This last week in Harare the Harare International Festival of the Arts (HIFA) has been in full swing. K and I have been extremely fortunate to be able to attend the opening evening show as well as hang out during the day on Saturday listening to some great local musicians, eat great food, and check out some really beautiful crafts. (We all know I’m a sucker for a good craft market)
Its been a really great time to experience the culture and art of Zimbabwe in a way that we don’t normally see in the rural locations that we work in. I have found myself falling in love with Zimbabwe and it’s people. Zimbabwe is just coming back from economic collapse and many are still struggling to support their families. I often see the hardships and struggles in people’s lives here. And let me just say that I feel its important not to be naive to those hardships and struggles. That’s why K and I are working with Medair. It’s why we are in Zimbabwe. We aren’t blind to the struggle for basic needs in Africa and around the world. We are passionate about bridging the gap between those who have and those who do not.
However, just because there is a large gap does not mean that there are not things to be joyful about or that life here isn’t at all beautiful. This week at HIFA I was reminded that there are a billion reasons to be believe in Africa. “A billion reasons to believe in Africa” is actually the slogan of Coke a Cola in Africa. The slogan was on signs and posters everywhere on the grounds of the festival. I read it over and over through out our time at the festival, and something really clicked within me. This slogan really resounded within me as I watched the dancing groups, and listened to musical groups. I”ve always had a place in my heart for Africa, even before I first visited. I remember standing on the beach in southern Spain, looking across the water and knowing that I was looking in the direction of Africa. I was only 18 years old but some how then I knew I would visit and maybe even live there.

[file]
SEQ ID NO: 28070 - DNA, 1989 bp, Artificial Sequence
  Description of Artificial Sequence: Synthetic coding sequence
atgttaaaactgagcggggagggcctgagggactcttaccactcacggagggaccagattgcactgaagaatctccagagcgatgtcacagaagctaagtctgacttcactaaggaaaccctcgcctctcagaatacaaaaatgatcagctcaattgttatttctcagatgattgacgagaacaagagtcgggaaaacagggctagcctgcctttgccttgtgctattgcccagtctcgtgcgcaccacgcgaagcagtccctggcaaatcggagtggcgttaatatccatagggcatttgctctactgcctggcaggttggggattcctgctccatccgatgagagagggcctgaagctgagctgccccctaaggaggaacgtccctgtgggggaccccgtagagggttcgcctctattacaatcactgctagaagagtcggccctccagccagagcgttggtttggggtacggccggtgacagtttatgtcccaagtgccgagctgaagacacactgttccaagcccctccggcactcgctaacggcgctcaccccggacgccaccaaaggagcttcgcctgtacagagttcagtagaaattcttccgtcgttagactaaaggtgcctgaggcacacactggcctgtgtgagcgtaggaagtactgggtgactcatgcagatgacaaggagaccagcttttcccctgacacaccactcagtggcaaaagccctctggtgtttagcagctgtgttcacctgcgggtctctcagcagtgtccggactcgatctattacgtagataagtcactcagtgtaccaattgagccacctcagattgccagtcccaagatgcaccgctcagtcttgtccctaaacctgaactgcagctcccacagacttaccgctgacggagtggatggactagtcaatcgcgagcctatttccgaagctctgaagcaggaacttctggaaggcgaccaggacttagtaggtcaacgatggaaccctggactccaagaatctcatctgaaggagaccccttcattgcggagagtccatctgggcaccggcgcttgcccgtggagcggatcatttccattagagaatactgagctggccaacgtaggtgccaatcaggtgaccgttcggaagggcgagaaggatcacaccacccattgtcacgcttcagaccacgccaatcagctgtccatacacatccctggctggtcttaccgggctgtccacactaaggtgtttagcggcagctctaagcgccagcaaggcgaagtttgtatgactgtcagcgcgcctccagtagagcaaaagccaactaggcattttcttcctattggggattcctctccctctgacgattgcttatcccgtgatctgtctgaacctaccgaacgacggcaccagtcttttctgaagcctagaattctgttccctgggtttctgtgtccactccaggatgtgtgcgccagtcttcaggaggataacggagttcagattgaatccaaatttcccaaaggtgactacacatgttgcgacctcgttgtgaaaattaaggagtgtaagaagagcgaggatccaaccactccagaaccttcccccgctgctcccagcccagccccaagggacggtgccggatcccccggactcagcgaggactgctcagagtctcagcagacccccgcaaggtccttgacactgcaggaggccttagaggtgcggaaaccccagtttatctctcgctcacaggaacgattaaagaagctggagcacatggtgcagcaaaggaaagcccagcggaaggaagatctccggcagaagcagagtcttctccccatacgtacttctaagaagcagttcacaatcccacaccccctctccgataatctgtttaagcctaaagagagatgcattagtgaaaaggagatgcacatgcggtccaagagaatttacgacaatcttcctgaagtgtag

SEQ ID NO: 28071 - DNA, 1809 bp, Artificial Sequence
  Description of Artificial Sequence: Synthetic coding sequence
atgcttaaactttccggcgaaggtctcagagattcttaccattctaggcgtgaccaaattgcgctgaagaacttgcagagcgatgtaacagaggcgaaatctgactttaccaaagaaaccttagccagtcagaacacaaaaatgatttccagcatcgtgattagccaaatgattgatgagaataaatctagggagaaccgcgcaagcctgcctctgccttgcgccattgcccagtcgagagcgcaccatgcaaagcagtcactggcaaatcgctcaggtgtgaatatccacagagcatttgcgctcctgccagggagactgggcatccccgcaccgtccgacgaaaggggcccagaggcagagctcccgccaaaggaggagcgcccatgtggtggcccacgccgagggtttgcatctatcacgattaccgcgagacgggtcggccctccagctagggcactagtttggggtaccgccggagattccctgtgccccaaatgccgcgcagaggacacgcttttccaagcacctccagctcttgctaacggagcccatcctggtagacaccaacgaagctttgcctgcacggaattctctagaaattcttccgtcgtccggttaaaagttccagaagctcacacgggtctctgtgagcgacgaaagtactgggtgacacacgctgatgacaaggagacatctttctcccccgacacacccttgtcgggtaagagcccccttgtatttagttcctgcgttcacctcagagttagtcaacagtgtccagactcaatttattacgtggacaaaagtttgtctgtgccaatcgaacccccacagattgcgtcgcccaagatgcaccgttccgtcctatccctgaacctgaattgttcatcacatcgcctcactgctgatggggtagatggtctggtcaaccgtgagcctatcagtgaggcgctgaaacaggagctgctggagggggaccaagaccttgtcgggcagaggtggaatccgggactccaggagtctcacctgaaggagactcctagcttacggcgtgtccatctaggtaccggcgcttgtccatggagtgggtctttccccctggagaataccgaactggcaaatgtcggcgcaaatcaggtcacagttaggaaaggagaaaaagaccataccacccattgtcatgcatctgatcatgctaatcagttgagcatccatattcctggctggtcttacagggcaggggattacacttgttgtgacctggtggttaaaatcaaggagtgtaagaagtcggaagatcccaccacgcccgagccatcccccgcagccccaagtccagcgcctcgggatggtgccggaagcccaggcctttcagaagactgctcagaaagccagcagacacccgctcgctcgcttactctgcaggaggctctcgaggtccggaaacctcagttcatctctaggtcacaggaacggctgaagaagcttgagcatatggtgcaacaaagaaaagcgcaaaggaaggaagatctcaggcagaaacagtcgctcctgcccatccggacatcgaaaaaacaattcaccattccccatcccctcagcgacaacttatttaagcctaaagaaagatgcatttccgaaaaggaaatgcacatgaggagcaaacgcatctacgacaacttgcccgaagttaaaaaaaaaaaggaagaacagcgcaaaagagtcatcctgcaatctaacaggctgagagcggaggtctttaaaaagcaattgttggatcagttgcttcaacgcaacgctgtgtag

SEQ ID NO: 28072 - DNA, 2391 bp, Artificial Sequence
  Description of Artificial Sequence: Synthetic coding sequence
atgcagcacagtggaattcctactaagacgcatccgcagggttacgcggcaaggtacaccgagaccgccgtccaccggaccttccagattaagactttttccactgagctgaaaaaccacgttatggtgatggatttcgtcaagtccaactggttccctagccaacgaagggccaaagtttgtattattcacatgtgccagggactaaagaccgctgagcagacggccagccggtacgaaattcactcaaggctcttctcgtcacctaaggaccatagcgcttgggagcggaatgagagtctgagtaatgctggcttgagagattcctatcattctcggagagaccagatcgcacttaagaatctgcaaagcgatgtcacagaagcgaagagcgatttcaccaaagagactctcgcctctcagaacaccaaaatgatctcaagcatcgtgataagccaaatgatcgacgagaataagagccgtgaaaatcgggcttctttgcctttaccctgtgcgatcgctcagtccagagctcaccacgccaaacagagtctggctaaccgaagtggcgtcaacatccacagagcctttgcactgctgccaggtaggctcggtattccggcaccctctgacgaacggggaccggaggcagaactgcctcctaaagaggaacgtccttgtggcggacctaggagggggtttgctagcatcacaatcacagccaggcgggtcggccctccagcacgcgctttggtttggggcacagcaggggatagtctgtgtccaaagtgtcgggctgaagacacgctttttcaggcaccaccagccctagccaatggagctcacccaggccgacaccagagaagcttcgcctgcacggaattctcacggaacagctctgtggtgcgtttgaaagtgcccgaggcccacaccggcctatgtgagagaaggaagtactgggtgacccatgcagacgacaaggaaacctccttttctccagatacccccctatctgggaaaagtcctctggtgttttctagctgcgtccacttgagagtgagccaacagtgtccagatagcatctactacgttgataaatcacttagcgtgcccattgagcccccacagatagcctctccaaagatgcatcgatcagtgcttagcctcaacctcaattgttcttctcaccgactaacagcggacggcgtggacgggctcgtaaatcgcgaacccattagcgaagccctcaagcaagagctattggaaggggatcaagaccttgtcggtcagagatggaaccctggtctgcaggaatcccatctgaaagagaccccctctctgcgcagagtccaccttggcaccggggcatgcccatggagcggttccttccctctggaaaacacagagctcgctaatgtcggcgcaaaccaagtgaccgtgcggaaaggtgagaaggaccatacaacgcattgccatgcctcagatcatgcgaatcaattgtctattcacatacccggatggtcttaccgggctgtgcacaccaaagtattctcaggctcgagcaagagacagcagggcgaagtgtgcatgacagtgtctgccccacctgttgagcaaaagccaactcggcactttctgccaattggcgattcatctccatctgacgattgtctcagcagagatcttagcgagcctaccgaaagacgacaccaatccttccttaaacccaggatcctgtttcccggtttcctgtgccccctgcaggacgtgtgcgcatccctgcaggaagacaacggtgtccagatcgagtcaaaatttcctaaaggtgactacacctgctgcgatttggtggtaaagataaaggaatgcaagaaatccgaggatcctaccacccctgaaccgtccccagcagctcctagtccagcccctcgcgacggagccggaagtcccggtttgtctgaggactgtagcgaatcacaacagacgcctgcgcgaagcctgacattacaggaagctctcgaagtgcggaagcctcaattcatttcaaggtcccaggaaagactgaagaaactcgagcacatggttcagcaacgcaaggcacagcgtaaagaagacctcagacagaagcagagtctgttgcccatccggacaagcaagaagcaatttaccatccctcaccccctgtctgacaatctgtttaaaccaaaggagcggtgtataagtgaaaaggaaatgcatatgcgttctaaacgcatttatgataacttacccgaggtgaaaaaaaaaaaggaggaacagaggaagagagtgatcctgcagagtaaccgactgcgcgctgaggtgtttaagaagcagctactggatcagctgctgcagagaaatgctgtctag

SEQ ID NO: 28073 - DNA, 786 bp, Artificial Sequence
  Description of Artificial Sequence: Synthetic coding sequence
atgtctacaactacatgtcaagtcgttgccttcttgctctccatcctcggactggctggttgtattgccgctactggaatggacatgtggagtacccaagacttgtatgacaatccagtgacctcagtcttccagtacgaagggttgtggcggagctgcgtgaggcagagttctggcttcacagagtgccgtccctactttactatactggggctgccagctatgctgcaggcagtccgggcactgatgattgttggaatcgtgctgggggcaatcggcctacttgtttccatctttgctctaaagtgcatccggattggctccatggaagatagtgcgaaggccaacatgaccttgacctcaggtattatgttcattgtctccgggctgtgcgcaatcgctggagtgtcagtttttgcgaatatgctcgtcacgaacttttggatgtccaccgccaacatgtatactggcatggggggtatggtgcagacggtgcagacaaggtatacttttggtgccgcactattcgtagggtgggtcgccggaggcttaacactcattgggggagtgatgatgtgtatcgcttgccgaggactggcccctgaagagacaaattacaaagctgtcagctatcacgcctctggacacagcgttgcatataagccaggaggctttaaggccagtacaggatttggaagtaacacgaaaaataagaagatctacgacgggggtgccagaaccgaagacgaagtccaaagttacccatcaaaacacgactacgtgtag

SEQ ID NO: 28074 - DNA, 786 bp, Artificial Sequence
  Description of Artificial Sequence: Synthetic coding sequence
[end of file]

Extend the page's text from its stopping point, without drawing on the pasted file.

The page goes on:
The video above is a song that was done for the Coke a Cola ad campaign in Africa. Yes, the video is trying to sell Coke, but honestly it really shows the unity and pride Africans feel for their home. At HIFA K and I were able to see the man who sings this song live. He sang this very song at the festival and it impacted me more than I can say. I had never heard the song before the festival but I’ll be honest to say I was singing along with the whole crowd at the end of the song. People were up from their seats dancing and everyone was singing “I love you Africa”. It was a moment where I felt like I belonged here because I share the same love for Africa. I love the bright colors, I love the passion and inhibition that allows for people to begin to dance at any time. I love that people hold hands to show that they are friends, I love the culture of calling the older generation mother or father as a sign of respect. There are a billion reasons to believe in Africa… and a billion more for loving Africa. I feel extremely grateful for the chance to experience each reason.
I love you Africa. (I think in my heart I’m becoming a Zimbo)